A total of 242 patients – representing a real-life population - were randomised between February 2010 and January 2011 and received at least one dose of the study medication. Both treatment groups were well matched with respect to the baseline characteristics (Table 1). The mean age of the participants at entry was 41.0 and 43.9 years in the respective groups. The mean duration of the patients’ acute bronchitis was 3.9 and 4.0 days, respectively. The medication generally was not changed during the 10 days treatment period. The baseline parameters in both treatment groups were comparable. Treatment compliance was determined by counting the study medication at each visit and was found to be high and comparable across the treatment groups.
Primary outcome measures
Primary outcome measure was the Bronchitis-Sum-Score, composed of intensity of dyspnea; quantity of secretion, frequency of coughing fits; thoracic pain during coughing; rales according to auscultation; and impairment of lung function. After 4 days of treatment the mean decrease was 3.55 score-points in the Cineole group, and 2.91 score-points in the placebo-group (Table 2). The difference between both treatment groups was statistically significant after 4 days (p = 0.0383). Due to the amelioration of symptoms after seven to ten days without any medication, the difference between both treatment groups was found to be distinctive, yet not statistically significant at the 3rd control-visit after 10 days. At this point, the difference was calculated as 6.82 or 6.52. Comparisons of other single parameters of the Bronchitis-Sum-Score generally failed to show a statistically significant difference between both treatment groups, with the exception of the frequency of coughing fits.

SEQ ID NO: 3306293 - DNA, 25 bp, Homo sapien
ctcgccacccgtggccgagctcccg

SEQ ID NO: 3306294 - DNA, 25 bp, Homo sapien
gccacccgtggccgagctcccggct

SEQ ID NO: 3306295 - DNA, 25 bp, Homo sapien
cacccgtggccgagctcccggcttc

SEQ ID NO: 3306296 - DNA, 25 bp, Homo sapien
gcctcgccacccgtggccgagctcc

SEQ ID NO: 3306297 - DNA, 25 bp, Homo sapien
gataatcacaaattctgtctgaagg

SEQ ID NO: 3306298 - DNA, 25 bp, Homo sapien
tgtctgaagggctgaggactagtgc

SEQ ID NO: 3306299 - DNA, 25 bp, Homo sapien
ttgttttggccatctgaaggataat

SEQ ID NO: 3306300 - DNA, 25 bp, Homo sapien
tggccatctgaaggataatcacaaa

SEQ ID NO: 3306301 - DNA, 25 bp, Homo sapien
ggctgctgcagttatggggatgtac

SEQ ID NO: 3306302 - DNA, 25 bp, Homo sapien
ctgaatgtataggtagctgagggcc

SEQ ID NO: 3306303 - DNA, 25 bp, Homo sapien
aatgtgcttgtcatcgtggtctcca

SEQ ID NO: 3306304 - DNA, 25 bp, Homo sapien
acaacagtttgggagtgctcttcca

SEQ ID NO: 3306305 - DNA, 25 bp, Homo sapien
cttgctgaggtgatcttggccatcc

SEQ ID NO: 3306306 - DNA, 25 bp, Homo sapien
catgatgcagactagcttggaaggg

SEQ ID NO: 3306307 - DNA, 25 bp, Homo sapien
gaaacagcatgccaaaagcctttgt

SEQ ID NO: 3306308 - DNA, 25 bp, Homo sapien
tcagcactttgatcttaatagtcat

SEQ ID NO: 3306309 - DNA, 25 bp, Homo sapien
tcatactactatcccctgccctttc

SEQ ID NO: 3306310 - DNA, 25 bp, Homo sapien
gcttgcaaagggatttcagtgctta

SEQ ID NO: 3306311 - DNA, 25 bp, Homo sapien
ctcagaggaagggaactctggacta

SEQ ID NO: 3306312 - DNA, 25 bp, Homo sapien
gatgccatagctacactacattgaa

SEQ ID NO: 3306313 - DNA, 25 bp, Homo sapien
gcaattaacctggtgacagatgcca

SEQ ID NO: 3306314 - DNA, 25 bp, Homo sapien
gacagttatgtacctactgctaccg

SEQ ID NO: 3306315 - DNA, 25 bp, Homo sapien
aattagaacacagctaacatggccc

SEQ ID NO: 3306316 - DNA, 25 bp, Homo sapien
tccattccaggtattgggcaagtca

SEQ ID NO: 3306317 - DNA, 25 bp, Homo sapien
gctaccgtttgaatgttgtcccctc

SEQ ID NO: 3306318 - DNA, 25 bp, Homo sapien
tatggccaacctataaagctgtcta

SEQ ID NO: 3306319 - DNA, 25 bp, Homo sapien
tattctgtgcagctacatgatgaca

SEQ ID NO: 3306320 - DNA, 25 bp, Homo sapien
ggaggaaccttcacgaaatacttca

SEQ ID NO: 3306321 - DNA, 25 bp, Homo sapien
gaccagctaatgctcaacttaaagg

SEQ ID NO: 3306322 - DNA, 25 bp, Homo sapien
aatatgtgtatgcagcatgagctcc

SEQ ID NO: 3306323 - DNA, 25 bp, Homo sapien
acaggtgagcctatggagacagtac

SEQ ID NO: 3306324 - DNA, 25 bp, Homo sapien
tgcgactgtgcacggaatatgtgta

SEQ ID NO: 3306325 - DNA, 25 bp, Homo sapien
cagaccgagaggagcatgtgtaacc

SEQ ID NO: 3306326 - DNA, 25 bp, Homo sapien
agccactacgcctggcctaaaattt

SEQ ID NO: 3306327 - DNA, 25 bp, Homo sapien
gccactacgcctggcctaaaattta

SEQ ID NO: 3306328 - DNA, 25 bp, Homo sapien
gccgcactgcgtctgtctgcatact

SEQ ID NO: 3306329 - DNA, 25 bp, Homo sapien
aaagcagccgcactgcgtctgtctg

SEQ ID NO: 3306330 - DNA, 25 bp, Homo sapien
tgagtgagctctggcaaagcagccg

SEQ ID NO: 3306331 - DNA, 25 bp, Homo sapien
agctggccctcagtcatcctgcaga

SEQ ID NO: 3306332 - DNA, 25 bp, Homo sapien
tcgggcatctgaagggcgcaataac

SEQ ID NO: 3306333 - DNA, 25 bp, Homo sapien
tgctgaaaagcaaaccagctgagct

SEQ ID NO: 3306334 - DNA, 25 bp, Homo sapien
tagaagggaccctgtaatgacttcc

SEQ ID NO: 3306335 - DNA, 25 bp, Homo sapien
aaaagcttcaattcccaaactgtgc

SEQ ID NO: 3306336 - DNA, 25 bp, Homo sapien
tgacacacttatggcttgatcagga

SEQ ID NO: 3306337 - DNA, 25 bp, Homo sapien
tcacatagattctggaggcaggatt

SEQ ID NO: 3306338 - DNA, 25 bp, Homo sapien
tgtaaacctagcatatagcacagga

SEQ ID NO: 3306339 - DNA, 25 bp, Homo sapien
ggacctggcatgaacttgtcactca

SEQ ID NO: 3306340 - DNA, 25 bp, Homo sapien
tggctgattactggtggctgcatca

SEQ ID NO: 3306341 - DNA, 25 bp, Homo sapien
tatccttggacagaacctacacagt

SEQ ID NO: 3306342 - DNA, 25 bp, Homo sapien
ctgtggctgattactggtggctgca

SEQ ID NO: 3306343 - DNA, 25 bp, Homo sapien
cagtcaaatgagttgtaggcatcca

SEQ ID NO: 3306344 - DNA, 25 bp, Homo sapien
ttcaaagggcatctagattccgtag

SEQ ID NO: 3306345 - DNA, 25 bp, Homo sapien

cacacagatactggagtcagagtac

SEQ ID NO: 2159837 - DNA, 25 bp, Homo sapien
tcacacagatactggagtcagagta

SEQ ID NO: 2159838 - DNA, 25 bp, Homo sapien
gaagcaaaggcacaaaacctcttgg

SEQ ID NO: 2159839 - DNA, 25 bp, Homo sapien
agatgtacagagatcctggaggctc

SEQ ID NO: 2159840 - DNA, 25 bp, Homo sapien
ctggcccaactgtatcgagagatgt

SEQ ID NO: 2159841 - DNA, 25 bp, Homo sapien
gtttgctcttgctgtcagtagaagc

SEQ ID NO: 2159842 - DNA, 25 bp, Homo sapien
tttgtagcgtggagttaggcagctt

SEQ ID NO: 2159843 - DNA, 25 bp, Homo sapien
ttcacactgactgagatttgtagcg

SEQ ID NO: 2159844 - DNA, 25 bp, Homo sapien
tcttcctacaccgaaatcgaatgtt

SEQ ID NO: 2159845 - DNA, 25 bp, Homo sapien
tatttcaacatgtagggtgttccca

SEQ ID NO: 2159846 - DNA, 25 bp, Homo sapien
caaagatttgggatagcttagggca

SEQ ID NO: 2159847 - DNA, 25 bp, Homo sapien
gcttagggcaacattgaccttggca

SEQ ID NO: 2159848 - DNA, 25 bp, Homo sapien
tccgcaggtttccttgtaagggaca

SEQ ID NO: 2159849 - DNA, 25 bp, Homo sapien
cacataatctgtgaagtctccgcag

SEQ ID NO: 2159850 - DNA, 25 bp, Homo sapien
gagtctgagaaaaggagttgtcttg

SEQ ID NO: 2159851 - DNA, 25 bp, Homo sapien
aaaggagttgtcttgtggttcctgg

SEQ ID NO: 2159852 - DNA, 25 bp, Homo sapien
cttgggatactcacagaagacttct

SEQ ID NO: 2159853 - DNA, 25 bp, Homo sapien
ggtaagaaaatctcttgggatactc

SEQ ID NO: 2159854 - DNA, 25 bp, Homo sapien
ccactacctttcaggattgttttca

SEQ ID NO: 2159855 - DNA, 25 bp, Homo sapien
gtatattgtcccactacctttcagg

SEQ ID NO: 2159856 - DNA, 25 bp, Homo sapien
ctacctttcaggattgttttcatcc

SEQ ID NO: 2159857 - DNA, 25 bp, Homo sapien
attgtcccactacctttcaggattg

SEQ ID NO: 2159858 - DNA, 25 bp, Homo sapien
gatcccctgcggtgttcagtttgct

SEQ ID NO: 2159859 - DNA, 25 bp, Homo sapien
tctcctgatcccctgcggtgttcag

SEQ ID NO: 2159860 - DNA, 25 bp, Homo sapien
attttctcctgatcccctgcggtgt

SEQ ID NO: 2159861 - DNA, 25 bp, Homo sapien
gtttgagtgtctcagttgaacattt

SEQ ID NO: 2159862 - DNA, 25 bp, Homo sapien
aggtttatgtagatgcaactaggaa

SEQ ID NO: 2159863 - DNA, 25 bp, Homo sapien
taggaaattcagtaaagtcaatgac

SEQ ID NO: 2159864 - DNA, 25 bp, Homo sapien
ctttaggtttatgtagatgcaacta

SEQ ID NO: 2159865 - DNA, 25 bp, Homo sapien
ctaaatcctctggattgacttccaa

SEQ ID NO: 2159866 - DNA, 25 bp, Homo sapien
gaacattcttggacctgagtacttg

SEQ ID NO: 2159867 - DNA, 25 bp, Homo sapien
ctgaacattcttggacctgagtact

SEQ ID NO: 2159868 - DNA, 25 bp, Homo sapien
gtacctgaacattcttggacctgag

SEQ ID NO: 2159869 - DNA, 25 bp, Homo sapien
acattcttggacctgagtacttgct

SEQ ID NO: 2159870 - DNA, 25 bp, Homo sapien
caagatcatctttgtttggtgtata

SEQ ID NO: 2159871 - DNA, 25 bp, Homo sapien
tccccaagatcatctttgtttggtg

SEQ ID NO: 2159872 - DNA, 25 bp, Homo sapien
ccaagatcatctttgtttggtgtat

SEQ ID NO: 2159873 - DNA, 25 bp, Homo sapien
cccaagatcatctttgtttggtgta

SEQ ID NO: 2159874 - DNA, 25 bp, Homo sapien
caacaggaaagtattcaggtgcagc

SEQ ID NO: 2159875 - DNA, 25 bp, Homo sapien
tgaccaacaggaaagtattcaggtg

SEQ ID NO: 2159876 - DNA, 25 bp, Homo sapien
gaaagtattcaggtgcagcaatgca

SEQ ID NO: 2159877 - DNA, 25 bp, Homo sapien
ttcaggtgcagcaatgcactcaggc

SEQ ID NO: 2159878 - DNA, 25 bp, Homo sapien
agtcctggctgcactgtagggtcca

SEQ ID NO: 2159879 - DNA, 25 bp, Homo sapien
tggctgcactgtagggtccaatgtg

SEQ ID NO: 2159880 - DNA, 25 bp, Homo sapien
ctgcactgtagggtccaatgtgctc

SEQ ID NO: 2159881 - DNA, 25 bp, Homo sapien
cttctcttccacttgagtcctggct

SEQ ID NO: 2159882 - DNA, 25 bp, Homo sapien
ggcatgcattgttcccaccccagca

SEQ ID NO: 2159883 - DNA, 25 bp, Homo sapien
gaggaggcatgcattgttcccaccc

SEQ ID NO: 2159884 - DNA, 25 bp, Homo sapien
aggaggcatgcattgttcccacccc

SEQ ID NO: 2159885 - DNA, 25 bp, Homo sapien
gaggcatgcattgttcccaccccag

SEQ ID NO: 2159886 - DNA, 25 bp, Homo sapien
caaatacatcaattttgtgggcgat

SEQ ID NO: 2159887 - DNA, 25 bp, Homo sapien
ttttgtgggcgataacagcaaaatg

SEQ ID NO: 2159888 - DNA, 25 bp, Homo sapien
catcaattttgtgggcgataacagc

Secondary outcome measures
The statistical significance of the individual parameters could also be proven, when the influence of treatment was compared on the basis of the frequency of coughing fits after 4 days (p = 0.0001). When measuring the cough documentation against a score generally used in other fields of research, the predominant parameter “cough” did not show a characteristic difference between both treatments (Table 3). Therefore, comparing coughing, or rather the cough frequency requires the correct definition, in order to show the different progress of symptoms.